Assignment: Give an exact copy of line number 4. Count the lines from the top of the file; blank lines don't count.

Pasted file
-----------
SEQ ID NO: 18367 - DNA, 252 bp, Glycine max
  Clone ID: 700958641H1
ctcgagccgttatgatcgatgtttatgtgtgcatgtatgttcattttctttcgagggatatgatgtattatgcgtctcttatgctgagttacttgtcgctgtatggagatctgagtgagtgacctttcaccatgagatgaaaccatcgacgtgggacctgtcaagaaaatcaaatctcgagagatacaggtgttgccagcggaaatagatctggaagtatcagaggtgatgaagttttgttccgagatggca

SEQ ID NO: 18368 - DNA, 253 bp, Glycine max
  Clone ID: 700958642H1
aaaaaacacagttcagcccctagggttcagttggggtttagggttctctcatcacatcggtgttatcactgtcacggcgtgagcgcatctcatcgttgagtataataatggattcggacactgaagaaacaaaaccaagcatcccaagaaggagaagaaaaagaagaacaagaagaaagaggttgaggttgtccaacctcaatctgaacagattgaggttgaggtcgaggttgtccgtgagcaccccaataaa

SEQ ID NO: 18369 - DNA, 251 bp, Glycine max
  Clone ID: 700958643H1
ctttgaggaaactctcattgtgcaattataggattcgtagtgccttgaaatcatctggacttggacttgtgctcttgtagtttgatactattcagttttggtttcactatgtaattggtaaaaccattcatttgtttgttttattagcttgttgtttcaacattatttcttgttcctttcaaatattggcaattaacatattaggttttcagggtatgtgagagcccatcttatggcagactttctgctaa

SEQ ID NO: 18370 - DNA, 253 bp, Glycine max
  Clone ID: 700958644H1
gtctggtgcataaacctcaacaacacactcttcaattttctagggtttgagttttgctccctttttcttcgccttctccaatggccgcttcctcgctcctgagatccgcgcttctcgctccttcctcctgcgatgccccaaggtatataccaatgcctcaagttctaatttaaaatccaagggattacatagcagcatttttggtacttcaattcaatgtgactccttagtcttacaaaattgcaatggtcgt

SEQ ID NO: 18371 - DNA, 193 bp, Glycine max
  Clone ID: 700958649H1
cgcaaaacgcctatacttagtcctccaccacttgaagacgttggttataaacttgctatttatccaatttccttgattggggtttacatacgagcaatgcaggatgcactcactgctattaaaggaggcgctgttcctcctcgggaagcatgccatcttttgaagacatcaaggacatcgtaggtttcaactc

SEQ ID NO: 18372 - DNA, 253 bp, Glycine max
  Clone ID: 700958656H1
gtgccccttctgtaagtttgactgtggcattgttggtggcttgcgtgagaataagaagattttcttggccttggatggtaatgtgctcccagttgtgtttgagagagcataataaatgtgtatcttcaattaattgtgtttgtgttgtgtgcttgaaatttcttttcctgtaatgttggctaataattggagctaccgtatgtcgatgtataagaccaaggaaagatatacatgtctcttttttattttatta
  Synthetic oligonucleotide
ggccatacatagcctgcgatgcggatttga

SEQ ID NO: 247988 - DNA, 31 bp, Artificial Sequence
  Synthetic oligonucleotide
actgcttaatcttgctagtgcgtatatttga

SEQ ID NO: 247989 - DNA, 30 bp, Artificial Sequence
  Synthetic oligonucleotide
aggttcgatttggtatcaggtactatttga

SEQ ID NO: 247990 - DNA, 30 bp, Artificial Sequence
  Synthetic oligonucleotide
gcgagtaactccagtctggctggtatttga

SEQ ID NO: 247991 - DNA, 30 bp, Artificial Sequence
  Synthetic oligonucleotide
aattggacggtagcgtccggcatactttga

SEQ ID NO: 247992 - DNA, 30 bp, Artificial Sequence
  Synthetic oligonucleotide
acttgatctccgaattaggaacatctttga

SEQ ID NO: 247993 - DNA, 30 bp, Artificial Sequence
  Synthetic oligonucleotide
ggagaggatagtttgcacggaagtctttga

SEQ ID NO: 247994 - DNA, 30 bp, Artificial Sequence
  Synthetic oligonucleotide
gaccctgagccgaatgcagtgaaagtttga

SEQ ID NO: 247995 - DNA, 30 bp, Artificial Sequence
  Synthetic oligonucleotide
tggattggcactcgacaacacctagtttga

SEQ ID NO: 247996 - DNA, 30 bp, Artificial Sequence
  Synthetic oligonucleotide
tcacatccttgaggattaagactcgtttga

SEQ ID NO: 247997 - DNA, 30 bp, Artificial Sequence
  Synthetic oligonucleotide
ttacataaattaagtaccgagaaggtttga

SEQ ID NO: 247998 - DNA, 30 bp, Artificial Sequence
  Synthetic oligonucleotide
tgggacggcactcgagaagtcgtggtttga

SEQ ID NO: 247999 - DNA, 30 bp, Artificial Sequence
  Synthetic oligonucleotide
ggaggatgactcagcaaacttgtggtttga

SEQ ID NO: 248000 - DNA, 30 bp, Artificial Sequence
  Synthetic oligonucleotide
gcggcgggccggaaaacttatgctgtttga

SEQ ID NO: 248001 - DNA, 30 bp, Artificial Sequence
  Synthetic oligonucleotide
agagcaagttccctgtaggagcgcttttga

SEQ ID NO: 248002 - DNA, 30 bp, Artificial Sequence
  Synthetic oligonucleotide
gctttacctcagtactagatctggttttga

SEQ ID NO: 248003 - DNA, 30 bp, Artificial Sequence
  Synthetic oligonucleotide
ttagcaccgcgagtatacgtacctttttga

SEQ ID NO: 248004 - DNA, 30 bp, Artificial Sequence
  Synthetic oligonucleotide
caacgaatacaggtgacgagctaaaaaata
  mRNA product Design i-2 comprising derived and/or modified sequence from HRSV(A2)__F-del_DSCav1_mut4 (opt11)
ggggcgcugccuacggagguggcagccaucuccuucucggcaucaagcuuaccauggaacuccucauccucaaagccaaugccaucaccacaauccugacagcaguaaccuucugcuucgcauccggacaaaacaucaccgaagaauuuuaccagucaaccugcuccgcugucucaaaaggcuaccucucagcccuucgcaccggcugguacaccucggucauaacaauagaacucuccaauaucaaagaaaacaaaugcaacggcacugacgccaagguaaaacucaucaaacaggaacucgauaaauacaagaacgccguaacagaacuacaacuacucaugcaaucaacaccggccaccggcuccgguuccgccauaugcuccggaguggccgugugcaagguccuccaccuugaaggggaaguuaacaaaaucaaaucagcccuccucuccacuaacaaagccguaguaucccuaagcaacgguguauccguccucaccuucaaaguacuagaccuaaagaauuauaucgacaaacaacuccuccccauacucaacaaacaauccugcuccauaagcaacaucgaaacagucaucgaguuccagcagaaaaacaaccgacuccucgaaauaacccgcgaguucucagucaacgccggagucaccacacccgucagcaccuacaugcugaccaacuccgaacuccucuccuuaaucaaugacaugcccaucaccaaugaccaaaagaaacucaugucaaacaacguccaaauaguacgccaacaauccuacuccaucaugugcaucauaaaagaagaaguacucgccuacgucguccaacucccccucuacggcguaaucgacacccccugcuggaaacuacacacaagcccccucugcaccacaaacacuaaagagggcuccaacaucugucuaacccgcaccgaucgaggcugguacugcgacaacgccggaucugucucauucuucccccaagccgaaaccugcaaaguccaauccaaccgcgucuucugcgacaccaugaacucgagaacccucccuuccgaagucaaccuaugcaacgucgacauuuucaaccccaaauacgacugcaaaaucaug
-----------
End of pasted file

SEQ ID NO: 18368 - DNA, 253 bp, Glycine max